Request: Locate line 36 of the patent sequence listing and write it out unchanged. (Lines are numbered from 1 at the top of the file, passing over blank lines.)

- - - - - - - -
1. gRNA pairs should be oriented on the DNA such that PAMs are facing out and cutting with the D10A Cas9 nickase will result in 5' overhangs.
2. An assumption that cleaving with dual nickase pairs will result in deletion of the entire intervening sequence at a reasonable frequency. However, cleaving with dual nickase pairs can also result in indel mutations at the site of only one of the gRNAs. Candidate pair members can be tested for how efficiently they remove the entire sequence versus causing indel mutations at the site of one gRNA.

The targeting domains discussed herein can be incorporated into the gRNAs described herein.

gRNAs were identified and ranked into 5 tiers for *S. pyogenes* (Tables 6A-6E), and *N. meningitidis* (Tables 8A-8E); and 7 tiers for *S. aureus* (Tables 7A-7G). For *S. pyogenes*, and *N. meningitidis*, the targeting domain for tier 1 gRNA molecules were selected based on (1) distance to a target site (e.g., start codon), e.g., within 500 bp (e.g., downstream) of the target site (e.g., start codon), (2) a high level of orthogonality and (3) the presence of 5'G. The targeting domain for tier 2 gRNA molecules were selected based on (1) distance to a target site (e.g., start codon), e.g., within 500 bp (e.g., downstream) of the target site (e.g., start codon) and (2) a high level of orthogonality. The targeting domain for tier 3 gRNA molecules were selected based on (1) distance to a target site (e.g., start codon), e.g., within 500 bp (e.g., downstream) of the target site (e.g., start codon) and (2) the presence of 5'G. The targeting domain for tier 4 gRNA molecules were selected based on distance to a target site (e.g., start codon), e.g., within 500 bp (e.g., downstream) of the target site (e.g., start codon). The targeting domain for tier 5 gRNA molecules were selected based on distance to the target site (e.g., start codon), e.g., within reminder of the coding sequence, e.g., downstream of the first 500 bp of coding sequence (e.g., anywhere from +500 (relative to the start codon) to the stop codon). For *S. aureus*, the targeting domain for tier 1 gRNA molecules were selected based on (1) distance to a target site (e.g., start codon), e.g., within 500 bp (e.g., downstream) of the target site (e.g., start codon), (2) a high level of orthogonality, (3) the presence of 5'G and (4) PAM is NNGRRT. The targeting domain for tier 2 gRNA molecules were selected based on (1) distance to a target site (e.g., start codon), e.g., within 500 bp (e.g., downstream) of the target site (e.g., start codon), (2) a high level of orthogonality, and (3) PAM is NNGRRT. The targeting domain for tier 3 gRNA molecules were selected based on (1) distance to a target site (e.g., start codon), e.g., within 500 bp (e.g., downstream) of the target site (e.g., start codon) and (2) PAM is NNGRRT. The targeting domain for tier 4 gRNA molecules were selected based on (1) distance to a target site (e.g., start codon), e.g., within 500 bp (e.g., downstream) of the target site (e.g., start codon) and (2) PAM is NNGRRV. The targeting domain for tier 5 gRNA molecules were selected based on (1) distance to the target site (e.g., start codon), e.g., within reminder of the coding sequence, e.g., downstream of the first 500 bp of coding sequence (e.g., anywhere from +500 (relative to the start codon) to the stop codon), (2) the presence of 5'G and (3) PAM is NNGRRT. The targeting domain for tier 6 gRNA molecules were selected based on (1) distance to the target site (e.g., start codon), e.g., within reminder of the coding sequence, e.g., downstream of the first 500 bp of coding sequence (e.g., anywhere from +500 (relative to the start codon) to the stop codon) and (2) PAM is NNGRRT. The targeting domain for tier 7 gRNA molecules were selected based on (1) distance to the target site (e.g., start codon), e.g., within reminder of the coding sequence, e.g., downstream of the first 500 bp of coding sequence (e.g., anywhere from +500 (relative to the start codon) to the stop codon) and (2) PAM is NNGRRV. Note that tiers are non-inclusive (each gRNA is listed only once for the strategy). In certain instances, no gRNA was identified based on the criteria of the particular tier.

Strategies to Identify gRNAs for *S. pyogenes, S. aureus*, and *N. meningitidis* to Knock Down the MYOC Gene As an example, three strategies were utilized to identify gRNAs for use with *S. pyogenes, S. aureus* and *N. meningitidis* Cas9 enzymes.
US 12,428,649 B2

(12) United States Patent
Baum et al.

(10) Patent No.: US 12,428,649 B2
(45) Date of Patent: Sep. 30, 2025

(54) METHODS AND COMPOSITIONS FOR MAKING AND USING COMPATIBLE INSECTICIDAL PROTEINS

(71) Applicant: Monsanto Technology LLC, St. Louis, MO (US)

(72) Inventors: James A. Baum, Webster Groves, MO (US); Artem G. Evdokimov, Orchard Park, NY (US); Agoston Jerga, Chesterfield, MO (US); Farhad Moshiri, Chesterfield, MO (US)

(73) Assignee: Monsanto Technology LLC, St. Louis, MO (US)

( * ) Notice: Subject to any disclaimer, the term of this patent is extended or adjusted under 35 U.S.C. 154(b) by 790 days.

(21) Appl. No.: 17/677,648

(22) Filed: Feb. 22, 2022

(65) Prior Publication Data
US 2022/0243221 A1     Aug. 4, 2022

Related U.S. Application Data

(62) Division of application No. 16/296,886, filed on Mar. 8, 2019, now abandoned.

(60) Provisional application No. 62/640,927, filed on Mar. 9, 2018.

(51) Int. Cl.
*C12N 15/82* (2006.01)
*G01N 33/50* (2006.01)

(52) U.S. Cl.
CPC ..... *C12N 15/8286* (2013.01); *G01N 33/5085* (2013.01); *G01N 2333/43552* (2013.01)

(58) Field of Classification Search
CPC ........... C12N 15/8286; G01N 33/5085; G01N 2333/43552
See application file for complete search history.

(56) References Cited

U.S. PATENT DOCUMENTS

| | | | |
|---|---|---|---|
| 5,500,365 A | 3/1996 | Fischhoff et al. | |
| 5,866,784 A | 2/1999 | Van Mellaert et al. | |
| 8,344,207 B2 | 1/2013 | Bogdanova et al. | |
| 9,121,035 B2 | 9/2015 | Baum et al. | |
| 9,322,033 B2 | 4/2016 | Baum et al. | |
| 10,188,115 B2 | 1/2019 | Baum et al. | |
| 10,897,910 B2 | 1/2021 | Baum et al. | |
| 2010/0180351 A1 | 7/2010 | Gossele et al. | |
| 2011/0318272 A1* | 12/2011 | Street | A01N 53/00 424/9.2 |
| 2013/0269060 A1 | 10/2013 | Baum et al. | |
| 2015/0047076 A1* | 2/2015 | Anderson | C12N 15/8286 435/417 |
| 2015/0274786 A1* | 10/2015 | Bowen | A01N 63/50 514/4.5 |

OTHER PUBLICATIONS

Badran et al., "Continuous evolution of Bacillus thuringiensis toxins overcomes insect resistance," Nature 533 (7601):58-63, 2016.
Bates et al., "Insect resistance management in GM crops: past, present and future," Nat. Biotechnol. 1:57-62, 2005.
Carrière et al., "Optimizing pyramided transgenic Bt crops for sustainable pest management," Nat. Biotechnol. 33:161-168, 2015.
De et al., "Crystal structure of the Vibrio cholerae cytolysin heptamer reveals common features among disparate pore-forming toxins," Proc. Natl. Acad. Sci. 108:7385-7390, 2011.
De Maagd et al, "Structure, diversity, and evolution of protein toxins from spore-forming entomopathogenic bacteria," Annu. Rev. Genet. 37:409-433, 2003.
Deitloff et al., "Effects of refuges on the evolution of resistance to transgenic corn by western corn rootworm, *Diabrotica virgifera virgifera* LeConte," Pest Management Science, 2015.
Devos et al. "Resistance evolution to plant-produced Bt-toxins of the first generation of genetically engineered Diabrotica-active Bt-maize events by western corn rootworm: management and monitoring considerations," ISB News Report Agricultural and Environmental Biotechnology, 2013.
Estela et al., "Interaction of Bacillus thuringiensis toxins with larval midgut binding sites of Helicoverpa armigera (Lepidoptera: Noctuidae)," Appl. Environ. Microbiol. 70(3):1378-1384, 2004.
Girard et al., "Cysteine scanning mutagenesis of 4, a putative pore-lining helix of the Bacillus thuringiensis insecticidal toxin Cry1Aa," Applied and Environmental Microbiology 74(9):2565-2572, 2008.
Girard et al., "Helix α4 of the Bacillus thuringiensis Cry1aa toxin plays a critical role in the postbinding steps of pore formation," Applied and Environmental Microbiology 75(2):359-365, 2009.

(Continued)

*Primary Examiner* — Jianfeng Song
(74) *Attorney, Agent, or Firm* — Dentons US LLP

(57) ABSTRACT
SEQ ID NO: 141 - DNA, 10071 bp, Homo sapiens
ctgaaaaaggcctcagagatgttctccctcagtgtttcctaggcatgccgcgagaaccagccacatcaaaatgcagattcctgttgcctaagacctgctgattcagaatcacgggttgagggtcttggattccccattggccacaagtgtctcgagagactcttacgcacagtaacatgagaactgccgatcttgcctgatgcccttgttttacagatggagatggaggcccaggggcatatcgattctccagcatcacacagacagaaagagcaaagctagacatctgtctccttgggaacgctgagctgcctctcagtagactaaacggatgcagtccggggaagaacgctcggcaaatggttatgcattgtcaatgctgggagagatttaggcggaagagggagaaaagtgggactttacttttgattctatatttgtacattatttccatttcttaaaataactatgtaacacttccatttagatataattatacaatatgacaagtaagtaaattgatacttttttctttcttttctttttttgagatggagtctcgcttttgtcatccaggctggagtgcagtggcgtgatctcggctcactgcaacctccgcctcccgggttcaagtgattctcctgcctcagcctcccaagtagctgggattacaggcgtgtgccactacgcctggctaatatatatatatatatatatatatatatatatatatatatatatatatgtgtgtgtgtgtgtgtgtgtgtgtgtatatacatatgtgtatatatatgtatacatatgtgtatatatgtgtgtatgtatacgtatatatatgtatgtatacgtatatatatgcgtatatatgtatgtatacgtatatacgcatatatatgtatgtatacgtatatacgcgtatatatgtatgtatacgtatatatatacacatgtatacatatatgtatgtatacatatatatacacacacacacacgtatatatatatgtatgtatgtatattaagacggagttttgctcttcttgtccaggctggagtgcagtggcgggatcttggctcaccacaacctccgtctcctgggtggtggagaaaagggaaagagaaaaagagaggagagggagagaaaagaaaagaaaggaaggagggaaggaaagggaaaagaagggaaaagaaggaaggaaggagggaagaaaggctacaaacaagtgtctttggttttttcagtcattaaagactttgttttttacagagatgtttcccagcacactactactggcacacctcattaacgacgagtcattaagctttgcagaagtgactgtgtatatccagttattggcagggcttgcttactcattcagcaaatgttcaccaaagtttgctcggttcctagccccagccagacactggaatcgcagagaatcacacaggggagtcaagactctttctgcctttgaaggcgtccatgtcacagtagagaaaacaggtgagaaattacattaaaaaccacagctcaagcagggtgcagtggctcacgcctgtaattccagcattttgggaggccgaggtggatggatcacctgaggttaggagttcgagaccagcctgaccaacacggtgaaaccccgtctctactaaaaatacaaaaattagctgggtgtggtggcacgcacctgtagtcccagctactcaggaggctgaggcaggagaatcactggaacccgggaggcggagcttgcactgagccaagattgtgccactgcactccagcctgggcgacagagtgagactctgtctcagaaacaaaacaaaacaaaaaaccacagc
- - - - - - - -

| 5,866,784 A | 2/1999 | Van Mellaert et al. | |